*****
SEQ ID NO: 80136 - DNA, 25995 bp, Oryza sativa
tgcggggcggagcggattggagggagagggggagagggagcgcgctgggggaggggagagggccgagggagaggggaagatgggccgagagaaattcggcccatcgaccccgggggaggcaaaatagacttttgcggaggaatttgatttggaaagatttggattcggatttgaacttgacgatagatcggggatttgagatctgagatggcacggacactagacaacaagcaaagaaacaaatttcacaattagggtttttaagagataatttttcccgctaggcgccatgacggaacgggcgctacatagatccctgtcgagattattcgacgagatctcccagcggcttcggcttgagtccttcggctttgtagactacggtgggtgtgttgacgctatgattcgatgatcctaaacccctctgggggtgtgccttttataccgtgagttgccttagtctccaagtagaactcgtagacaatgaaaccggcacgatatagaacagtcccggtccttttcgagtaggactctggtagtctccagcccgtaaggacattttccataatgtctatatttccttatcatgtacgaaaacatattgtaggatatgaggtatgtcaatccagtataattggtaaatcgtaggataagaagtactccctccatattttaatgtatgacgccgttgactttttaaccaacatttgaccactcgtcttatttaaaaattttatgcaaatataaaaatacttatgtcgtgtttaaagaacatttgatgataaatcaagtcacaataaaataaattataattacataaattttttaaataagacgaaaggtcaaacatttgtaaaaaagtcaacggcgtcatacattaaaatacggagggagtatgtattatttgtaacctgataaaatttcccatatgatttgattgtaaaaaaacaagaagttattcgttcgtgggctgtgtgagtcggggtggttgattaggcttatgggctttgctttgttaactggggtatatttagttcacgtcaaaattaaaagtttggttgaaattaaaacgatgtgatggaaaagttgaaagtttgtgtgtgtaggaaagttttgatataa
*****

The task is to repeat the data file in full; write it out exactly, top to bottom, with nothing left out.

SEQ ID NO: 80136 - DNA, 25995 bp, Oryza sativa
tgcggggcggagcggattggagggagagggggagagggagcgcgctgggggaggggagagggccgagggagaggggaagatgggccgagagaaattcggcccatcgaccccgggggaggcaaaatagacttttgcggaggaatttgatttggaaagatttggattcggatttgaacttgacgatagatcggggatttgagatctgagatggcacggacactagacaacaagcaaagaaacaaatttcacaattagggtttttaagagataatttttcccgctaggcgccatgacggaacgggcgctacatagatccctgtcgagattattcgacgagatctcccagcggcttcggcttgagtccttcggctttgtagactacggtgggtgtgttgacgctatgattcgatgatcctaaacccctctgggggtgtgccttttataccgtgagttgccttagtctccaagtagaactcgtagacaatgaaaccggcacgatatagaacagtcccggtccttttcgagtaggactctggtagtctccagcccgtaaggacattttccataatgtctatatttccttatcatgtacgaaaacatattgtaggatatgaggtatgtcaatccagtataattggtaaatcgtaggataagaagtactccctccatattttaatgtatgacgccgttgactttttaaccaacatttgaccactcgtcttatttaaaaattttatgcaaatataaaaatacttatgtcgtgtttaaagaacatttgatgataaatcaagtcacaataaaataaattataattacataaattttttaaataagacgaaaggtcaaacatttgtaaaaaagtcaacggcgtcatacattaaaatacggagggagtatgtattatttgtaacctgataaaatttcccatatgatttgattgtaaaaaaacaagaagttattcgttcgtgggctgtgtgagtcggggtggttgattaggcttatgggctttgctttgttaactggggtatatttagttcacgtcaaaattaaaagtttggttgaaattaaaacgatgtgatggaaaagttgaaagtttgtgtgtgtaggaaagttttgatataa